If you pay for a first class ticket in Danish trains you get free internet – as well as coffee and Danish newspapers. However if you speak English, you may not know this.
When you log on the TDC wifi, this is what you see:
Only to the far left is something written – only in Danish – about internet on the train. Featured prominently is how to pay for internet, and how to get online as a trusted TDC customer.
A friend of mine, who has travelled many times for work from Copenhagen airport to Aarhus by train on first class, has been paying for internet each time untill I told him he gets free internet with his first class ticket.
As an English speaker if you see and happen to click on the picture to the left with the train. You are met with a page entirely in Danish about how to get online:
If you click on the “In English” to the right hand corner. You get not the same page in English on how to get online, but DSB’s main corporate page in English. Even if you explore a little and look at the page called Travelling by train in Denmark, there is no mention of free internet with a first class ticket.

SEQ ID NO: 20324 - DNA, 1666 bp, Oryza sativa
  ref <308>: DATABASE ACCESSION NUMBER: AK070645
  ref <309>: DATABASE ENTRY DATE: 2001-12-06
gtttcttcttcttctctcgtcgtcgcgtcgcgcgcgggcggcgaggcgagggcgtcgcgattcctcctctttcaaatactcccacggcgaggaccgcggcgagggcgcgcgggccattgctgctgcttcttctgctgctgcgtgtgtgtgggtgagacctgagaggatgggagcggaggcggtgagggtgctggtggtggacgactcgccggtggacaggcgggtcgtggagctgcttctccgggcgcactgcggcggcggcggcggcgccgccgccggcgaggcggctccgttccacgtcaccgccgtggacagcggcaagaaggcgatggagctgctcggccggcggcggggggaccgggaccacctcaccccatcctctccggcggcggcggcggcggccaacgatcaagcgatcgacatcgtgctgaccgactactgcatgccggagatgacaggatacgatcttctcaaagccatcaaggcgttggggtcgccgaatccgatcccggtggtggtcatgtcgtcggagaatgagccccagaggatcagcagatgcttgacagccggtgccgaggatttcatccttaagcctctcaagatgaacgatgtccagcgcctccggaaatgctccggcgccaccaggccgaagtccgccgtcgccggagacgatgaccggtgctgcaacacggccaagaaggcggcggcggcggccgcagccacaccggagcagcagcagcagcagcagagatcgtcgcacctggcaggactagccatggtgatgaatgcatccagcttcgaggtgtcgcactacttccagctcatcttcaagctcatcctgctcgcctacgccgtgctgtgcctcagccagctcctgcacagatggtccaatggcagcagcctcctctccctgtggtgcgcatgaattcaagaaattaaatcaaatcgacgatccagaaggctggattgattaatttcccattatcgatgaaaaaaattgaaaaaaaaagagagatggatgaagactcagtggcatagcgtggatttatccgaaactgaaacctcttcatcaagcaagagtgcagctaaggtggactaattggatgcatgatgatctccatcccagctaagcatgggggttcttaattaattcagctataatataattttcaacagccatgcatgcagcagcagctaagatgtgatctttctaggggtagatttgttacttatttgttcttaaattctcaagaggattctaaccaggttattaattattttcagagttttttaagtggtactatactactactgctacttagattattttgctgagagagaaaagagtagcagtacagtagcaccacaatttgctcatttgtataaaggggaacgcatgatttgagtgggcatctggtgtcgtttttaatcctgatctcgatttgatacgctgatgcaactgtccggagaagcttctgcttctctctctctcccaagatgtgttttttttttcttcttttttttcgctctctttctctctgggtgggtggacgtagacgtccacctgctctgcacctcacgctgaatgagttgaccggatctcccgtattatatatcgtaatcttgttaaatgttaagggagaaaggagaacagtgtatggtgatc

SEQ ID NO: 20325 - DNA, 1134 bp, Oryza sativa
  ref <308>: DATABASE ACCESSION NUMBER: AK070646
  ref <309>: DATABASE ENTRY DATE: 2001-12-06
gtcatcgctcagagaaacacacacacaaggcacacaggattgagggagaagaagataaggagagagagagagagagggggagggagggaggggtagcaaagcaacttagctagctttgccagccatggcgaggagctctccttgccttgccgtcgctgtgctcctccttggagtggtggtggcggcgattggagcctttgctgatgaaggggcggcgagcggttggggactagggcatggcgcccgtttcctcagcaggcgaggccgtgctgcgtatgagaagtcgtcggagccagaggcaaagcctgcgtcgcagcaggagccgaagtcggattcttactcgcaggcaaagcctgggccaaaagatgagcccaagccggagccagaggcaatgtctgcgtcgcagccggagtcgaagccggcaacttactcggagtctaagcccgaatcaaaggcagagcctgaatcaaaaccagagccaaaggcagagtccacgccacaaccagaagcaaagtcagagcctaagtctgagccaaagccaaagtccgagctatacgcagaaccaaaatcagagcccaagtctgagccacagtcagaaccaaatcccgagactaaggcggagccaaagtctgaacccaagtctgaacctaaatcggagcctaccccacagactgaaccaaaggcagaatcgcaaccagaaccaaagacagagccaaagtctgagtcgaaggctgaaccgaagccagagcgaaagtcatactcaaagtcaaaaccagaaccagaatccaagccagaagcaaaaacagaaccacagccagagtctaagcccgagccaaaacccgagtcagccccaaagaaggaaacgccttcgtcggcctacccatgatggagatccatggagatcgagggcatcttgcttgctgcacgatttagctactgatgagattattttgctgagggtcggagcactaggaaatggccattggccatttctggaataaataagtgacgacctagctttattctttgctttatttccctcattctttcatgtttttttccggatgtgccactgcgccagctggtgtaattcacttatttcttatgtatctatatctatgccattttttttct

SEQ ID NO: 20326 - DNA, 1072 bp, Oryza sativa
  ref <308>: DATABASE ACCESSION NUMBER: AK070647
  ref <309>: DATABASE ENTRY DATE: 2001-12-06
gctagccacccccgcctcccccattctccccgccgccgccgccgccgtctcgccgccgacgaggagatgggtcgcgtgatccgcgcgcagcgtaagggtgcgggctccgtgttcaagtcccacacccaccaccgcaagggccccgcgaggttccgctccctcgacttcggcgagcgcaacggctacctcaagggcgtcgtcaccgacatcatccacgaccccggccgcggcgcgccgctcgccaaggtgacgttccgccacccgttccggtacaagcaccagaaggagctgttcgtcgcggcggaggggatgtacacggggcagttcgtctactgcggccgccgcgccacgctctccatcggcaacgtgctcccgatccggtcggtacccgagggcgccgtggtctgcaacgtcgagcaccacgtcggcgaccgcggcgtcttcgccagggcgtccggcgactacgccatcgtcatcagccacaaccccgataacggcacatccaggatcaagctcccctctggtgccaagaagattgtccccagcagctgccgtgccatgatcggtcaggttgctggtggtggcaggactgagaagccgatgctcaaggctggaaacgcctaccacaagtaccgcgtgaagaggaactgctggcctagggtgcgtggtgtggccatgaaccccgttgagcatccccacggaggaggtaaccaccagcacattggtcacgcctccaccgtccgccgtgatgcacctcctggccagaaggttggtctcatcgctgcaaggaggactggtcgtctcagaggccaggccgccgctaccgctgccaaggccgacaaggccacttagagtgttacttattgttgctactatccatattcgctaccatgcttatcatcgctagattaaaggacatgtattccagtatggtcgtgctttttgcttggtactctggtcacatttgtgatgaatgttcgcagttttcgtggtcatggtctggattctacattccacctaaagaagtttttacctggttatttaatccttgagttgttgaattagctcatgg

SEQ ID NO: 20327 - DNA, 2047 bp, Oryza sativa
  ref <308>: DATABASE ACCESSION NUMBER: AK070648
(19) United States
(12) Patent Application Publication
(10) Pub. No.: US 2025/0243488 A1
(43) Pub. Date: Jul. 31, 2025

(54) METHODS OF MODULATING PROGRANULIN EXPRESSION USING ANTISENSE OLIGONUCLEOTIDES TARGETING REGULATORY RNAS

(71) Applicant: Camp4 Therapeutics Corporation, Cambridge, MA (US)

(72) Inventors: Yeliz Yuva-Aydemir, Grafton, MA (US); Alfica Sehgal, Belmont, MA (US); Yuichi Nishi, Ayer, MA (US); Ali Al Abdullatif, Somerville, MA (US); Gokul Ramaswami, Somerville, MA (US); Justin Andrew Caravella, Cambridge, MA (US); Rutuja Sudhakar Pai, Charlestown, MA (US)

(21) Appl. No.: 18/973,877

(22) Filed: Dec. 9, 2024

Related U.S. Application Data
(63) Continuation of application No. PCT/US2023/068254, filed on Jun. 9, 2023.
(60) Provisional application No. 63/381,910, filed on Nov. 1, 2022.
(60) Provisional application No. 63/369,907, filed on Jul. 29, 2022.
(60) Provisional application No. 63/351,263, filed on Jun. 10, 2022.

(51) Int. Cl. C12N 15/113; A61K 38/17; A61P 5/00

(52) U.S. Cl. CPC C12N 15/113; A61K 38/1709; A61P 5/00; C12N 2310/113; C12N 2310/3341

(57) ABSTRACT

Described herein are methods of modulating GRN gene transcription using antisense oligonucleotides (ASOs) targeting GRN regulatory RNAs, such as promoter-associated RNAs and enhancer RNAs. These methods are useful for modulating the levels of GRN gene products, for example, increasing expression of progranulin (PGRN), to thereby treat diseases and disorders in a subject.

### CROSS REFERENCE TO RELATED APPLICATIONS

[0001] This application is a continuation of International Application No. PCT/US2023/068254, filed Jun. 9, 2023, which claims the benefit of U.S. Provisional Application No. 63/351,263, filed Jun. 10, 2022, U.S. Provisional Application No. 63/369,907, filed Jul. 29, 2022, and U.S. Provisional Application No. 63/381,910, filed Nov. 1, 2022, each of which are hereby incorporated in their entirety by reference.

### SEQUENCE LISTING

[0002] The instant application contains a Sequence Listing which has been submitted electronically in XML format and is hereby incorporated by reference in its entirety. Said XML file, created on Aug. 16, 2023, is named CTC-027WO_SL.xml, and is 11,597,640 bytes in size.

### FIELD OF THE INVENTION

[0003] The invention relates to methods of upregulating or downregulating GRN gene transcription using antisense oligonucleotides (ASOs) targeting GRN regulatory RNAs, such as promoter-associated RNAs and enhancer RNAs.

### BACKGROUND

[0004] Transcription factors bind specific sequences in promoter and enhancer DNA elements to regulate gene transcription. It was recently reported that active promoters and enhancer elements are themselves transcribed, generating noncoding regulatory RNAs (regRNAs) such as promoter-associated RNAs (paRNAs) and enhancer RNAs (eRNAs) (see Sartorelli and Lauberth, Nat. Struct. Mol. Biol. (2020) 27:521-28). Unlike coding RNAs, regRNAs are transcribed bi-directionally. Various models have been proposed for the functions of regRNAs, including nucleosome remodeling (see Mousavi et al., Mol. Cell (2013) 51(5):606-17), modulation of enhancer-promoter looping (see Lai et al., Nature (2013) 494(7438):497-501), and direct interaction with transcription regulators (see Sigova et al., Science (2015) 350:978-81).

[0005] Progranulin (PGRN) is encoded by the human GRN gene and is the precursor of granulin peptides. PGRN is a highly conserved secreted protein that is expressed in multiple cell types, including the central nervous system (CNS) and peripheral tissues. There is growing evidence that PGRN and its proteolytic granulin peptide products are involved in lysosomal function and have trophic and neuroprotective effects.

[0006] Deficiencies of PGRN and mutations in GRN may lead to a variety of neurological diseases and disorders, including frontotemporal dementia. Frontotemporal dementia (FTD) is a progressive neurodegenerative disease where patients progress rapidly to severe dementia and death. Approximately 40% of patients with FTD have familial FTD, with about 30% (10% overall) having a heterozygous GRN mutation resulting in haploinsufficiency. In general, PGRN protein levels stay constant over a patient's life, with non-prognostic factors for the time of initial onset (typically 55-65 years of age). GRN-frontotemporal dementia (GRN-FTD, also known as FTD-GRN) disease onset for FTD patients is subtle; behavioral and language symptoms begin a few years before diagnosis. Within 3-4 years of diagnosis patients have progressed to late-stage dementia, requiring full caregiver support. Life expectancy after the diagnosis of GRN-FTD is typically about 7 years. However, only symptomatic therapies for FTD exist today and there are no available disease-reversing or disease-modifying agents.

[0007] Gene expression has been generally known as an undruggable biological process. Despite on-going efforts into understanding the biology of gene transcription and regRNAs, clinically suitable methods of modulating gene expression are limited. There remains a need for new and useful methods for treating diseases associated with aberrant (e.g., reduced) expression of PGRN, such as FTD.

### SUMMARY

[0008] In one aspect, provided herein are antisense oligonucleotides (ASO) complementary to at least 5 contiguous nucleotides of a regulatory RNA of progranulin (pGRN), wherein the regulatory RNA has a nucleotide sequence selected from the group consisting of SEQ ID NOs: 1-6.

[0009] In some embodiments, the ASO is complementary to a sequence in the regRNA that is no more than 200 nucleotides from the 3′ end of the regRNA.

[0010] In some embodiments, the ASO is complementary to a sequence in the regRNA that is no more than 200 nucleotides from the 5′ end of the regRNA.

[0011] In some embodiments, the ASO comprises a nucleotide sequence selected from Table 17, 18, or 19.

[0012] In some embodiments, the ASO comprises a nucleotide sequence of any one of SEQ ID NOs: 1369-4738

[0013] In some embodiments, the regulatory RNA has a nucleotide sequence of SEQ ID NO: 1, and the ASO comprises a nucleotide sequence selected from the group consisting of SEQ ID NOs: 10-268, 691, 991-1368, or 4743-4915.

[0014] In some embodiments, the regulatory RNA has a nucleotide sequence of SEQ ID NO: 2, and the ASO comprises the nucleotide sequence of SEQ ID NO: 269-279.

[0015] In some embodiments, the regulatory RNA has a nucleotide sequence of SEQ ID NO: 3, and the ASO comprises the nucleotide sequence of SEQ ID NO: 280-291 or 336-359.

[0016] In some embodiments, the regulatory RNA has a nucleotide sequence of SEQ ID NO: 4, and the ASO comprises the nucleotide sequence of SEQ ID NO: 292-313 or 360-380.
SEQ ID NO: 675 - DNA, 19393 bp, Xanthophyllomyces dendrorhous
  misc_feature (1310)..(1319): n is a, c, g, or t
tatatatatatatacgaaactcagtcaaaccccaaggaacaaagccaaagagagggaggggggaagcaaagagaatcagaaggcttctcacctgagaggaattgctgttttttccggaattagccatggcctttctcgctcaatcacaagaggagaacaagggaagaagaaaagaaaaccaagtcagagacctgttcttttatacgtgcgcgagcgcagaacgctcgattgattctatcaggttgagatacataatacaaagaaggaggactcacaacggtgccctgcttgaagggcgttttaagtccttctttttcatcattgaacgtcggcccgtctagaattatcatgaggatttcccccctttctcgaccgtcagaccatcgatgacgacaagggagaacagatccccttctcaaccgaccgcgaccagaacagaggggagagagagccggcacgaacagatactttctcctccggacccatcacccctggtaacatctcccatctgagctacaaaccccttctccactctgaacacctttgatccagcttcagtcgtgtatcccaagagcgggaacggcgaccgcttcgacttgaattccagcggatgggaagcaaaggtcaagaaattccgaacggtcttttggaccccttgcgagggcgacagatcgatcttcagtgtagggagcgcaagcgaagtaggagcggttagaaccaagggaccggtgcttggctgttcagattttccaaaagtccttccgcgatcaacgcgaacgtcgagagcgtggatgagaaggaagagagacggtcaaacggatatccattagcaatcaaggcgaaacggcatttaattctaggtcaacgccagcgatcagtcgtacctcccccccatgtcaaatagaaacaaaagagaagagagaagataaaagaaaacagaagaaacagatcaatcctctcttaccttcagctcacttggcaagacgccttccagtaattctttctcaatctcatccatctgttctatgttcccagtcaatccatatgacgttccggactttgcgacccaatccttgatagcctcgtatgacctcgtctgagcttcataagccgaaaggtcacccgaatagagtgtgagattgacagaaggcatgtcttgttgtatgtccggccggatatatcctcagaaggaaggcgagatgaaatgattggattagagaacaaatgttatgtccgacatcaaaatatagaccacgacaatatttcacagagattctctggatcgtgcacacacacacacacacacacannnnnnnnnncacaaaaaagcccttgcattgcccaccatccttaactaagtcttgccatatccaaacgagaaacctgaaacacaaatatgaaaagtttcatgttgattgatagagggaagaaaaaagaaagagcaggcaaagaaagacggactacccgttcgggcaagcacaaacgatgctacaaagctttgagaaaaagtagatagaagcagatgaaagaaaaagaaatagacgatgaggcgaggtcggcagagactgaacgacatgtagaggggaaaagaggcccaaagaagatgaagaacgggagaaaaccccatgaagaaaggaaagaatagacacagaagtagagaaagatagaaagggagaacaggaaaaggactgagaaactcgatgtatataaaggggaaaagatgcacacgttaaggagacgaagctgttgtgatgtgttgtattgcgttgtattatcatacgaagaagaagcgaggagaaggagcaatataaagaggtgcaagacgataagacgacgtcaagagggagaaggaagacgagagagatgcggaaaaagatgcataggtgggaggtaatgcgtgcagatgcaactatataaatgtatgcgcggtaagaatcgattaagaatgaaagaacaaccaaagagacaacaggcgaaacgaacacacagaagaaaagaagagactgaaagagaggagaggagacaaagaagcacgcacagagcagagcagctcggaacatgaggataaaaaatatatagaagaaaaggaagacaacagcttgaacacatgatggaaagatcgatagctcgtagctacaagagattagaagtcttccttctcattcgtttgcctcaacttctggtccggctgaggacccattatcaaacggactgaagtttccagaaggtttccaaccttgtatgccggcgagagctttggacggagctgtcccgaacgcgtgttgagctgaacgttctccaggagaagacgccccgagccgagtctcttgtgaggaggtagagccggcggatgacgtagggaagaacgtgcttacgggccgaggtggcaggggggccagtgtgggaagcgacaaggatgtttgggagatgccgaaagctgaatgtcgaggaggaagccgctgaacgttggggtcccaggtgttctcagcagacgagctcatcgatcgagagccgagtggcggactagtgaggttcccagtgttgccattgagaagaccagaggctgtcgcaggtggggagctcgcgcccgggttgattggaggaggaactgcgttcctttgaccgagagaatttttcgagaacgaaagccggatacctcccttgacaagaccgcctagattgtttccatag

Making something that is easy to use is hard. Very hard. Lots of trial and error. Testing and making sure that people intuitively understand. I fully recognise this.
However, if the mistake in design makes the customer pay more and not less. It makes me wonder if it really is a mistake, dark patterns also called or evil by design.
User Experience (UX) Designer/Consultant/Researcher Chris Nodder has written a book about evil by design. Me I just like the expression. There is a website run by a group of dedicated UX people for naming and shaming dark patterns.
Ohh and by the way, access to the internet on first class in Danish trains is quite easy. Once you know. You just enter your seat number and the number of your train carriage and this information can be used on all of you devices. So well done on this last bit.